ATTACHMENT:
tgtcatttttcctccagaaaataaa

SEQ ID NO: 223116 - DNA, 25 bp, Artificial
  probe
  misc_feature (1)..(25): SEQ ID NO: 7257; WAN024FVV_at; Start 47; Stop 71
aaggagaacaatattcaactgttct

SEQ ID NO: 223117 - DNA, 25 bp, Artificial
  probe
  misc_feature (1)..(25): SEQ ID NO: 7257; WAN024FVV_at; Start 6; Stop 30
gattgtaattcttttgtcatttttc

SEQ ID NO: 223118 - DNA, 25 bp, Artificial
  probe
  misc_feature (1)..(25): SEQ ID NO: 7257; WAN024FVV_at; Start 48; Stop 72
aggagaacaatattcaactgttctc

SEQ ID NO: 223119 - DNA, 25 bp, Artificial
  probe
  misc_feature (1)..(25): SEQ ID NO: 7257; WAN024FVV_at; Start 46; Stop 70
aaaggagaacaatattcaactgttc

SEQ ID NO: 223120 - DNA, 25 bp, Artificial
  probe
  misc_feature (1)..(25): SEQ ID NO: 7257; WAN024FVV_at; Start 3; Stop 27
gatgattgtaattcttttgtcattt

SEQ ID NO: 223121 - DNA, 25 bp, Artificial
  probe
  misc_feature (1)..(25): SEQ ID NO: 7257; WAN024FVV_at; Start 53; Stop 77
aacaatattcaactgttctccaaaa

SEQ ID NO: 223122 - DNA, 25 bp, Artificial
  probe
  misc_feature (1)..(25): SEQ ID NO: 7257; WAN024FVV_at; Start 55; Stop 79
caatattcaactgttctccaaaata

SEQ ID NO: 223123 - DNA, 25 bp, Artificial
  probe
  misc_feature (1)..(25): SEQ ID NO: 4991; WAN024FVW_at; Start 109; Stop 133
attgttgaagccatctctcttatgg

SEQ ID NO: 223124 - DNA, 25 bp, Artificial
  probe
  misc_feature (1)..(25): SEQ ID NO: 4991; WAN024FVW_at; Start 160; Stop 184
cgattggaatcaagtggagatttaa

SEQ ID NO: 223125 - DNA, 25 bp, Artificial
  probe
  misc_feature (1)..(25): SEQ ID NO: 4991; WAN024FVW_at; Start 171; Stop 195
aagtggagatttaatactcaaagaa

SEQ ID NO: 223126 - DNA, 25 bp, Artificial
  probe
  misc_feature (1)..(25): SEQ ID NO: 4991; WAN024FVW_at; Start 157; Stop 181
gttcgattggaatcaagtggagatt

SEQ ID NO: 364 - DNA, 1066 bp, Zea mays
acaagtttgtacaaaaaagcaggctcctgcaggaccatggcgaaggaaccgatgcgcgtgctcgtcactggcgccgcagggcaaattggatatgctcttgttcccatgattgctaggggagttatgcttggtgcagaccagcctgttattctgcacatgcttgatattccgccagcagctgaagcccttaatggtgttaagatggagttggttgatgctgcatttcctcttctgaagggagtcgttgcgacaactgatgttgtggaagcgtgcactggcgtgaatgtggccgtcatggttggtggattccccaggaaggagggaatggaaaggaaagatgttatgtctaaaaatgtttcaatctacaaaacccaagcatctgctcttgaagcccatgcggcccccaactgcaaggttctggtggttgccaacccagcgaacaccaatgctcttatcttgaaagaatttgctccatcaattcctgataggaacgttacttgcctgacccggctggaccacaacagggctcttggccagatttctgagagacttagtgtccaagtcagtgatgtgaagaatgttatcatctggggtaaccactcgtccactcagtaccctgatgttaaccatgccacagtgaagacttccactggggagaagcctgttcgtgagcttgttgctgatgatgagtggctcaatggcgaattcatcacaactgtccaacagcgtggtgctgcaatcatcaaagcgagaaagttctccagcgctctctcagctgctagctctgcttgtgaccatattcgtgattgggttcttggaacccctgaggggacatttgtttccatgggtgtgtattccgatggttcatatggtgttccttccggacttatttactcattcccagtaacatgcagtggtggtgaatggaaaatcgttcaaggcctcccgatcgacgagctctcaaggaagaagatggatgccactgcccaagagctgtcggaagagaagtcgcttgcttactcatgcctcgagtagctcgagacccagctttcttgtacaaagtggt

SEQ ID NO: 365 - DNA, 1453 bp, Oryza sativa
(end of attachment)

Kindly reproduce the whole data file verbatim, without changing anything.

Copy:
tgtcatttttcctccagaaaataaa

SEQ ID NO: 223116 - DNA, 25 bp, Artificial
  probe
  misc_feature (1)..(25): SEQ ID NO: 7257; WAN024FVV_at; Start 47; Stop 71
aaggagaacaatattcaactgttct

SEQ ID NO: 223117 - DNA, 25 bp, Artificial
  probe
  misc_feature (1)..(25): SEQ ID NO: 7257; WAN024FVV_at; Start 6; Stop 30
gattgtaattcttttgtcatttttc

SEQ ID NO: 223118 - DNA, 25 bp, Artificial
  probe
  misc_feature (1)..(25): SEQ ID NO: 7257; WAN024FVV_at; Start 48; Stop 72
aggagaacaatattcaactgttctc

SEQ ID NO: 223119 - DNA, 25 bp, Artificial
  probe
  misc_feature (1)..(25): SEQ ID NO: 7257; WAN024FVV_at; Start 46; Stop 70
aaaggagaacaatattcaactgttc

SEQ ID NO: 223120 - DNA, 25 bp, Artificial
  probe
  misc_feature (1)..(25): SEQ ID NO: 7257; WAN024FVV_at; Start 3; Stop 27
gatgattgtaattcttttgtcattt

SEQ ID NO: 223121 - DNA, 25 bp, Artificial
  probe
  misc_feature (1)..(25): SEQ ID NO: 7257; WAN024FVV_at; Start 53; Stop 77
aacaatattcaactgttctccaaaa

SEQ ID NO: 223122 - DNA, 25 bp, Artificial
  probe
  misc_feature (1)..(25): SEQ ID NO: 7257; WAN024FVV_at; Start 55; Stop 79
caatattcaactgttctccaaaata

SEQ ID NO: 223123 - DNA, 25 bp, Artificial
  probe
  misc_feature (1)..(25): SEQ ID NO: 4991; WAN024FVW_at; Start 109; Stop 133
attgttgaagccatctctcttatgg

SEQ ID NO: 223124 - DNA, 25 bp, Artificial
  probe
  misc_feature (1)..(25): SEQ ID NO: 4991; WAN024FVW_at; Start 160; Stop 184
cgattggaatcaagtggagatttaa

SEQ ID NO: 223125 - DNA, 25 bp, Artificial
  probe
  misc_feature (1)..(25): SEQ ID NO: 4991; WAN024FVW_at; Start 171; Stop 195
aagtggagatttaatactcaaagaa

SEQ ID NO: 223126 - DNA, 25 bp, Artificial
  probe
  misc_feature (1)..(25): SEQ ID NO: 4991; WAN024FVW_at; Start 157; Stop 181
gttcgattggaatcaagtggagatt

SEQ ID NO: 364 - DNA, 1066 bp, Zea mays
acaagtttgtacaaaaaagcaggctcctgcaggaccatggcgaaggaaccgatgcgcgtgctcgtcactggcgccgcagggcaaattggatatgctcttgttcccatgattgctaggggagttatgcttggtgcagaccagcctgttattctgcacatgcttgatattccgccagcagctgaagcccttaatggtgttaagatggagttggttgatgctgcatttcctcttctgaagggagtcgttgcgacaactgatgttgtggaagcgtgcactggcgtgaatgtggccgtcatggttggtggattccccaggaaggagggaatggaaaggaaagatgttatgtctaaaaatgtttcaatctacaaaacccaagcatctgctcttgaagcccatgcggcccccaactgcaaggttctggtggttgccaacccagcgaacaccaatgctcttatcttgaaagaatttgctccatcaattcctgataggaacgttacttgcctgacccggctggaccacaacagggctcttggccagatttctgagagacttagtgtccaagtcagtgatgtgaagaatgttatcatctggggtaaccactcgtccactcagtaccctgatgttaaccatgccacagtgaagacttccactggggagaagcctgttcgtgagcttgttgctgatgatgagtggctcaatggcgaattcatcacaactgtccaacagcgtggtgctgcaatcatcaaagcgagaaagttctccagcgctctctcagctgctagctctgcttgtgaccatattcgtgattgggttcttggaacccctgaggggacatttgtttccatgggtgtgtattccgatggttcatatggtgttccttccggacttatttactcattcccagtaacatgcagtggtggtgaatggaaaatcgttcaaggcctcccgatcgacgagctctcaaggaagaagatggatgccactgcccaagagctgtcggaagagaagtcgcttgcttactcatgcctcgagtagctcgagacccagctttcttgtacaaagtggt

SEQ ID NO: 365 - DNA, 1453 bp, Oryza sativa